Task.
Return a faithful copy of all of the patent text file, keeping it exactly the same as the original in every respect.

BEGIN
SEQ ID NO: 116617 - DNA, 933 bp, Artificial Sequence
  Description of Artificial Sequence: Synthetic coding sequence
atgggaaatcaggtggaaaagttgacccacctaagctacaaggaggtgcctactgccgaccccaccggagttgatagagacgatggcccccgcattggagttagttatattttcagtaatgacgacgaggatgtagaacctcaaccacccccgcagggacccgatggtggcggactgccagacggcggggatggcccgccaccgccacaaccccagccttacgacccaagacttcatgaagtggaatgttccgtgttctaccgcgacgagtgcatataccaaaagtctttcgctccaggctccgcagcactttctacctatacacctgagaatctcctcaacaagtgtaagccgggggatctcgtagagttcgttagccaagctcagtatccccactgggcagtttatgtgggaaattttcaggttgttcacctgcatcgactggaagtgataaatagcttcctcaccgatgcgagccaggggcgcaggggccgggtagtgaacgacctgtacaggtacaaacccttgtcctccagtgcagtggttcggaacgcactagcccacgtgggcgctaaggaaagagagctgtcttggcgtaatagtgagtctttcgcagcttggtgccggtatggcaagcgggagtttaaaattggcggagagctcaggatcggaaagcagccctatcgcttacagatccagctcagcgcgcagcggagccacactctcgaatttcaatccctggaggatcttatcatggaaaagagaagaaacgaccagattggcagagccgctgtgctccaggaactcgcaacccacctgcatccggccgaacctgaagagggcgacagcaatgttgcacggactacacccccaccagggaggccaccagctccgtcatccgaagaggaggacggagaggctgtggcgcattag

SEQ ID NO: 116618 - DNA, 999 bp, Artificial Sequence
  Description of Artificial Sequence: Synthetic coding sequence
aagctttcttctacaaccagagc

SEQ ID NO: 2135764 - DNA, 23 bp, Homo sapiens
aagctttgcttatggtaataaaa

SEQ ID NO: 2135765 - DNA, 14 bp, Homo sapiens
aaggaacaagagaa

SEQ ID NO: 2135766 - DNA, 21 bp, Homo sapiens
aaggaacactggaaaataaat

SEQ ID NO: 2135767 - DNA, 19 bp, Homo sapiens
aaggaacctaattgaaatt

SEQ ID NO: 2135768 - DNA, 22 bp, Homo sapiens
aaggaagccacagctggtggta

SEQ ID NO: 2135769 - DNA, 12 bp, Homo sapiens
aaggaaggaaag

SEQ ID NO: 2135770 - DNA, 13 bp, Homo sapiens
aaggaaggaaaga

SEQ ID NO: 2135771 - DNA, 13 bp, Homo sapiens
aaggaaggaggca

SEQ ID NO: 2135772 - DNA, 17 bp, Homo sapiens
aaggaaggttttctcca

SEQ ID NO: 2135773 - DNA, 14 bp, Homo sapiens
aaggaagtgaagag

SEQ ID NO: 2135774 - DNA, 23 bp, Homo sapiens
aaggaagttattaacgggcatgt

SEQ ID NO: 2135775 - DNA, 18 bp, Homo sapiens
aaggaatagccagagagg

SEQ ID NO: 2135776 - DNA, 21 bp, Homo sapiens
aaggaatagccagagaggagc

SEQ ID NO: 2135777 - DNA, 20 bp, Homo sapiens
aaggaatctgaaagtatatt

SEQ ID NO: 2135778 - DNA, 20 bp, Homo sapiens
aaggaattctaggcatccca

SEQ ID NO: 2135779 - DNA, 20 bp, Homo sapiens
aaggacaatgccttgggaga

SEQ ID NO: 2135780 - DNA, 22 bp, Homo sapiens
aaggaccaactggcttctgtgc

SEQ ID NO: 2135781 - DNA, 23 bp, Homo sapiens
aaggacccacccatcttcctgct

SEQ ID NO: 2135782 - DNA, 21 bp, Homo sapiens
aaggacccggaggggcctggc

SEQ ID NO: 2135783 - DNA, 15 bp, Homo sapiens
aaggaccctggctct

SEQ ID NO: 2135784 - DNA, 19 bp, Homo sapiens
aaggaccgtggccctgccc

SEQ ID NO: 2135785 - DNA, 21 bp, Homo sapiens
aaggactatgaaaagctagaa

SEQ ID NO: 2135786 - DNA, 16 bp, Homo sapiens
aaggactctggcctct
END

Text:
SEQ ID NO: 116617 - DNA, 933 bp, Artificial Sequence
  Description of Artificial Sequence: Synthetic coding sequence
atgggaaatcaggtggaaaagttgacccacctaagctacaaggaggtgcctactgccgaccccaccggagttgatagagacgatggcccccgcattggagttagttatattttcagtaatgacgacgaggatgtagaacctcaaccacccccgcagggacccgatggtggcggactgccagacggcggggatggcccgccaccgccacaaccccagccttacgacccaagacttcatgaagtggaatgttccgtgttctaccgcgacgagtgcatataccaaaagtctttcgctccaggctccgcagcactttctacctatacacctgagaatctcctcaacaagtgtaagccgggggatctcgtagagttcgttagccaagctcagtatccccactgggcagtttatgtgggaaattttcaggttgttcacctgcatcgactggaagtgataaatagcttcctcaccgatgcgagccaggggcgcaggggccgggtagtgaacgacctgtacaggtacaaacccttgtcctccagtgcagtggttcggaacgcactagcccacgtgggcgctaaggaaagagagctgtcttggcgtaatagtgagtctttcgcagcttggtgccggtatggcaagcgggagtttaaaattggcggagagctcaggatcggaaagcagccctatcgcttacagatccagctcagcgcgcagcggagccacactctcgaatttcaatccctggaggatcttatcatggaaaagagaagaaacgaccagattggcagagccgctgtgctccaggaactcgcaacccacctgcatccggccgaacctgaagagggcgacagcaatgttgcacggactacacccccaccagggaggccaccagctccgtcatccgaagaggaggacggagaggctgtggcgcattag

SEQ ID NO: 116618 - DNA, 999 bp, Artificial Sequence
  Description of Artificial Sequence: Synthetic coding sequence
aagctttcttctacaaccagagc

SEQ ID NO: 2135764 - DNA, 23 bp, Homo sapiens
aagctttgcttatggtaataaaa

SEQ ID NO: 2135765 - DNA, 14 bp, Homo sapiens
aaggaacaagagaa

SEQ ID NO: 2135766 - DNA, 21 bp, Homo sapiens
aaggaacactggaaaataaat

SEQ ID NO: 2135767 - DNA, 19 bp, Homo sapiens
aaggaacctaattgaaatt

SEQ ID NO: 2135768 - DNA, 22 bp, Homo sapiens
aaggaagccacagctggtggta

SEQ ID NO: 2135769 - DNA, 12 bp, Homo sapiens
aaggaaggaaag

SEQ ID NO: 2135770 - DNA, 13 bp, Homo sapiens
aaggaaggaaaga

SEQ ID NO: 2135771 - DNA, 13 bp, Homo sapiens
aaggaaggaggca

SEQ ID NO: 2135772 - DNA, 17 bp, Homo sapiens
aaggaaggttttctcca

SEQ ID NO: 2135773 - DNA, 14 bp, Homo sapiens
aaggaagtgaagag

SEQ ID NO: 2135774 - DNA, 23 bp, Homo sapiens
aaggaagttattaacgggcatgt

SEQ ID NO: 2135775 - DNA, 18 bp, Homo sapiens
aaggaatagccagagagg

SEQ ID NO: 2135776 - DNA, 21 bp, Homo sapiens
aaggaatagccagagaggagc

SEQ ID NO: 2135777 - DNA, 20 bp, Homo sapiens
aaggaatctgaaagtatatt

SEQ ID NO: 2135778 - DNA, 20 bp, Homo sapiens
aaggaattctaggcatccca

SEQ ID NO: 2135779 - DNA, 20 bp, Homo sapiens
aaggacaatgccttgggaga

SEQ ID NO: 2135780 - DNA, 22 bp, Homo sapiens
aaggaccaactggcttctgtgc

SEQ ID NO: 2135781 - DNA, 23 bp, Homo sapiens
aaggacccacccatcttcctgct

SEQ ID NO: 2135782 - DNA, 21 bp, Homo sapiens
aaggacccggaggggcctggc

SEQ ID NO: 2135783 - DNA, 15 bp, Homo sapiens
aaggaccctggctct

SEQ ID NO: 2135784 - DNA, 19 bp, Homo sapiens
aaggaccgtggccctgccc

SEQ ID NO: 2135785 - DNA, 21 bp, Homo sapiens
aaggactatgaaaagctagaa

SEQ ID NO: 2135786 - DNA, 16 bp, Homo sapiens
aaggactctggcctct